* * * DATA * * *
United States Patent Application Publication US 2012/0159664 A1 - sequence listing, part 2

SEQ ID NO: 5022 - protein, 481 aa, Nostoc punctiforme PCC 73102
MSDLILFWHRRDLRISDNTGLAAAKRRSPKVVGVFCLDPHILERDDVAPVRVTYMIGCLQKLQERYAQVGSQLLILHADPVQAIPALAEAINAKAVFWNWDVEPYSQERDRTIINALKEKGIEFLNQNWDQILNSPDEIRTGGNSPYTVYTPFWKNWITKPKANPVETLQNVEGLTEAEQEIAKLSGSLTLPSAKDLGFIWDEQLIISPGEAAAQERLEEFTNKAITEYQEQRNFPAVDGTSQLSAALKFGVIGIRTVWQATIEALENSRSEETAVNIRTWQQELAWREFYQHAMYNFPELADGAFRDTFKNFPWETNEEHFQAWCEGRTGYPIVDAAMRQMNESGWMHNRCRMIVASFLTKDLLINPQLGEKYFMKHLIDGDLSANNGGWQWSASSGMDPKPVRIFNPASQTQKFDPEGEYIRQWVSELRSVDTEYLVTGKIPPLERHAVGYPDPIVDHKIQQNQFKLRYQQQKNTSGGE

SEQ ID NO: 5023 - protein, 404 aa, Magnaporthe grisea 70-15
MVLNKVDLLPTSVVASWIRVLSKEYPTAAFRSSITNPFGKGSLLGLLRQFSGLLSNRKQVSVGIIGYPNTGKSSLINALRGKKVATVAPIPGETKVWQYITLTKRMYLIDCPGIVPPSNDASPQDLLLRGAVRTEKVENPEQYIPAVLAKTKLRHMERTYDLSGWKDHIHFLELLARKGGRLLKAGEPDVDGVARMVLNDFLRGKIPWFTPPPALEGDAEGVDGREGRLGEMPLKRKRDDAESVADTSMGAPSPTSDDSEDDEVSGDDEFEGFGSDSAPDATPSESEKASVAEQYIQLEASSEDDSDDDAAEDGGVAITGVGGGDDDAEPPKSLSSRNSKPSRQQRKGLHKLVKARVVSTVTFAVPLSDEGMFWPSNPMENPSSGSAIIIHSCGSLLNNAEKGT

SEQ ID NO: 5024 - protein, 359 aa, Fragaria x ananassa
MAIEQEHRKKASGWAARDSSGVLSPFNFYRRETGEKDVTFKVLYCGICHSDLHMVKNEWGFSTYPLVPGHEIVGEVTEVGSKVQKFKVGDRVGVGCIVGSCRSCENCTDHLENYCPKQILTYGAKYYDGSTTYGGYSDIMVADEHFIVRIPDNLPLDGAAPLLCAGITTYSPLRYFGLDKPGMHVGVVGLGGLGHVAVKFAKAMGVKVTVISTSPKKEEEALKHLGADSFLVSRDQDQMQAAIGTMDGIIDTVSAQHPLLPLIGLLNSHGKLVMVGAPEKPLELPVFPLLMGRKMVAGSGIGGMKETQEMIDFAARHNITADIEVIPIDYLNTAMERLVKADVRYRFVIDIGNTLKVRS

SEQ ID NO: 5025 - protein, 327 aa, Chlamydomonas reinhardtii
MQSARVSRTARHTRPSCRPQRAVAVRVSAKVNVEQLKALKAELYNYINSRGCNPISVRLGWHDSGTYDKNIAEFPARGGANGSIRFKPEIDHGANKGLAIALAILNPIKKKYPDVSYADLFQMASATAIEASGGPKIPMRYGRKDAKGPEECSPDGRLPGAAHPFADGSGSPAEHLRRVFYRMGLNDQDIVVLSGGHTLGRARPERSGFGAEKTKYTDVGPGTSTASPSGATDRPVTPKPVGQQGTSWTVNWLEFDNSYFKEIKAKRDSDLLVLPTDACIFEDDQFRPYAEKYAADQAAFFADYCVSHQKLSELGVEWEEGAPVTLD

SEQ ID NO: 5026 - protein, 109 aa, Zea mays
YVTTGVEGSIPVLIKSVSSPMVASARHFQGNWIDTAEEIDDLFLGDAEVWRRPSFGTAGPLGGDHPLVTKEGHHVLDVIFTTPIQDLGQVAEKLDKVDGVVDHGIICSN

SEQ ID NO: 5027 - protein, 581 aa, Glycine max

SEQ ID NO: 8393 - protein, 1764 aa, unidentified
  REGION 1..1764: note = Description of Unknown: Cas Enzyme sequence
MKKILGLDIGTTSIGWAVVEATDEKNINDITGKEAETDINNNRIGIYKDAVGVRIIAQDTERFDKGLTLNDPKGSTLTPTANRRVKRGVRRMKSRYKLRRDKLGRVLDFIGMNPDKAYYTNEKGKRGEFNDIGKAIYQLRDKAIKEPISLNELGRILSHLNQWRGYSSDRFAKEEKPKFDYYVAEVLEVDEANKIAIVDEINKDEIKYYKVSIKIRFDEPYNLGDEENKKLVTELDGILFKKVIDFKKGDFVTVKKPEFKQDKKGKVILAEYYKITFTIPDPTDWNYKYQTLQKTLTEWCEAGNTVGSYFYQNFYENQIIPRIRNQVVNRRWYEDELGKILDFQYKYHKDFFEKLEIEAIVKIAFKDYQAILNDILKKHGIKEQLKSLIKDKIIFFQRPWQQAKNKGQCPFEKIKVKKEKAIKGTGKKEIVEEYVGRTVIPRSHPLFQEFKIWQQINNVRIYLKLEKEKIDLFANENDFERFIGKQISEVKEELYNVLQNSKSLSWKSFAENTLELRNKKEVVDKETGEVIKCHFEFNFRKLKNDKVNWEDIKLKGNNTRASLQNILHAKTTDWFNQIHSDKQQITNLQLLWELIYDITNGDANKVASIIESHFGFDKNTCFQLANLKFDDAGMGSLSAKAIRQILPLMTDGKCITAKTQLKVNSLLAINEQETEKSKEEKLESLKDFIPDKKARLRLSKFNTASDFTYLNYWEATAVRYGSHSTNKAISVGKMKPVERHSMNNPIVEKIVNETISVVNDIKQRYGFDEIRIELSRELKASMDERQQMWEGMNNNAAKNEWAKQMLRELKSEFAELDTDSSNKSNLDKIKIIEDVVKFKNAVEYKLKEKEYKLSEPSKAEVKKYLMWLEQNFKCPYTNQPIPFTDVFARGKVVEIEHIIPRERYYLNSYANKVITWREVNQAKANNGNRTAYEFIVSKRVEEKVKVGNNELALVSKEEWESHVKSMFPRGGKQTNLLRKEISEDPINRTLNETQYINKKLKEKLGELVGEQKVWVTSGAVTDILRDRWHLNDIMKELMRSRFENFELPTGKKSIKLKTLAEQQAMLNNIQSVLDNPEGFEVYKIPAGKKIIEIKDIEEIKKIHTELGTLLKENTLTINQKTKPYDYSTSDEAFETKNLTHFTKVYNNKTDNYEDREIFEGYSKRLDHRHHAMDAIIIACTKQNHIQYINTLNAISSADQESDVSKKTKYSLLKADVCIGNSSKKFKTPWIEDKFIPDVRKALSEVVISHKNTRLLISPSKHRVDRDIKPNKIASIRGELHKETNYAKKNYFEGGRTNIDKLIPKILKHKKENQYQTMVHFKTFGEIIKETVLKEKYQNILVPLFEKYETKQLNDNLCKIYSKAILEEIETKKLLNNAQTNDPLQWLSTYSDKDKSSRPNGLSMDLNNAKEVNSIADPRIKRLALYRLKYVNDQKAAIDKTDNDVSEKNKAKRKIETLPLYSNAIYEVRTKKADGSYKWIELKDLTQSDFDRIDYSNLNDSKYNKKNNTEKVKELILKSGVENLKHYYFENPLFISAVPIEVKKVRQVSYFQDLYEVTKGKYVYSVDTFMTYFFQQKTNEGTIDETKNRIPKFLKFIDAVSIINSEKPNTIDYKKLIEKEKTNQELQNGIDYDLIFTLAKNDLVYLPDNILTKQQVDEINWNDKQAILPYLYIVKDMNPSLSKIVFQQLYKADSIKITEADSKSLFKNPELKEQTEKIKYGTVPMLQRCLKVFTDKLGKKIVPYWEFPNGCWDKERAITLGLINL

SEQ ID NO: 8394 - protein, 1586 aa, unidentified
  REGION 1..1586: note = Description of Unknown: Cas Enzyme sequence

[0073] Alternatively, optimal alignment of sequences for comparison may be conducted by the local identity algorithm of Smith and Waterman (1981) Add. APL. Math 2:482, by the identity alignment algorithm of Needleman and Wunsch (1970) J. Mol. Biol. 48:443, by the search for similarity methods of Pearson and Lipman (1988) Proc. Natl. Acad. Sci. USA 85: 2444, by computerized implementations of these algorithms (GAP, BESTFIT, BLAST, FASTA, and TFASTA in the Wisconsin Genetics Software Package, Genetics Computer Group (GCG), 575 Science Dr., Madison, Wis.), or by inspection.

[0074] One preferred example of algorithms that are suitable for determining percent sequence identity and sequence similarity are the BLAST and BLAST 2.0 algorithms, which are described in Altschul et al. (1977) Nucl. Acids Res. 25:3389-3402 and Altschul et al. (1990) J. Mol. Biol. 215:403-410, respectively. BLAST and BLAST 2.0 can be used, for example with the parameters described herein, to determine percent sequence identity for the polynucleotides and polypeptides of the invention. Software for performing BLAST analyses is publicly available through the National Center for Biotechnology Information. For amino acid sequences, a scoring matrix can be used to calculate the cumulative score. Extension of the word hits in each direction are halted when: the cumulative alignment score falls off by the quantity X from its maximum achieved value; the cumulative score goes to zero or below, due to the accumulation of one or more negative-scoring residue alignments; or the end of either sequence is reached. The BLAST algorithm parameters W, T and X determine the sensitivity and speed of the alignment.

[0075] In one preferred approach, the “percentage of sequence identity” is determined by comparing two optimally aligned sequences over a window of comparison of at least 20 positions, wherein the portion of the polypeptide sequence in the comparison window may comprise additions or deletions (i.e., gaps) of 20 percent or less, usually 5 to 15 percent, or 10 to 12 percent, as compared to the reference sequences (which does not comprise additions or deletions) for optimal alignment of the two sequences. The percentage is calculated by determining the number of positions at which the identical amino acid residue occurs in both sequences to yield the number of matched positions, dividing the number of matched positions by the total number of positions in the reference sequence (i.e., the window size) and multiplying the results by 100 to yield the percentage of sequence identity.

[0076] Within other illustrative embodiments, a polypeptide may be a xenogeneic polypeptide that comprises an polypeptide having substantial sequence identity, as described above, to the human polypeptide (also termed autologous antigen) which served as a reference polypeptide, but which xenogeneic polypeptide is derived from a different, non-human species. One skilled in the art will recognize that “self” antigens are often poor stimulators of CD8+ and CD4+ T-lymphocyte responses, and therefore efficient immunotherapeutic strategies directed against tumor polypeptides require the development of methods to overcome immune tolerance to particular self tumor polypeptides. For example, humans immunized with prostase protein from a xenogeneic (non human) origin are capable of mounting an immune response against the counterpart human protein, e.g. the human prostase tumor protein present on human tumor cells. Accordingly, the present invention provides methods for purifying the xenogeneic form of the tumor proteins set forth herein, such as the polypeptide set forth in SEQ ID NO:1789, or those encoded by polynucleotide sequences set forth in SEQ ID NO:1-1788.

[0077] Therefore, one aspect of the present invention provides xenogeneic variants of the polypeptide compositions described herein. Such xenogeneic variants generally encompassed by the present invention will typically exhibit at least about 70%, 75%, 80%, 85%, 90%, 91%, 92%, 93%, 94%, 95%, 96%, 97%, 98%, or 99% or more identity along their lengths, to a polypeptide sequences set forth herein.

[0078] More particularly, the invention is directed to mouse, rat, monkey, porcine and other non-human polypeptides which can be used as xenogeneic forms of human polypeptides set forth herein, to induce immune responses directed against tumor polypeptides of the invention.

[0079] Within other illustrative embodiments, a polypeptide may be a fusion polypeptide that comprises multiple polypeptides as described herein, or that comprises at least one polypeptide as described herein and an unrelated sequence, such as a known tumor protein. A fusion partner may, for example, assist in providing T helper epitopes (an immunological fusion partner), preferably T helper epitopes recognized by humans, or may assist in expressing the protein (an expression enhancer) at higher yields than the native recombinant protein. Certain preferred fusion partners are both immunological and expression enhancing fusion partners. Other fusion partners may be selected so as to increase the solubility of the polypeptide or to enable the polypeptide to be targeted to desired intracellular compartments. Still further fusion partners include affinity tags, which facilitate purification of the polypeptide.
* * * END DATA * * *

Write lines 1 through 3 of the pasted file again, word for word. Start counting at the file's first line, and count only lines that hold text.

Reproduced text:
United States Patent Application Publication US 2012/0159664 A1 - sequence listing, part 2

SEQ ID NO: 5022 - protein, 481 aa, Nostoc punctiforme PCC 73102
MSDLILFWHRRDLRISDNTGLAAAKRRSPKVVGVFCLDPHILERDDVAPVRVTYMIGCLQKLQERYAQVGSQLLILHADPVQAIPALAEAINAKAVFWNWDVEPYSQERDRTIINALKEKGIEFLNQNWDQILNSPDEIRTGGNSPYTVYTPFWKNWITKPKANPVETLQNVEGLTEAEQEIAKLSGSLTLPSAKDLGFIWDEQLIISPGEAAAQERLEEFTNKAITEYQEQRNFPAVDGTSQLSAALKFGVIGIRTVWQATIEALENSRSEETAVNIRTWQQELAWREFYQHAMYNFPELADGAFRDTFKNFPWETNEEHFQAWCEGRTGYPIVDAAMRQMNESGWMHNRCRMIVASFLTKDLLINPQLGEKYFMKHLIDGDLSANNGGWQWSASSGMDPKPVRIFNPASQTQKFDPEGEYIRQWVSELRSVDTEYLVTGKIPPLERHAVGYPDPIVDHKIQQNQFKLRYQQQKNTSGGE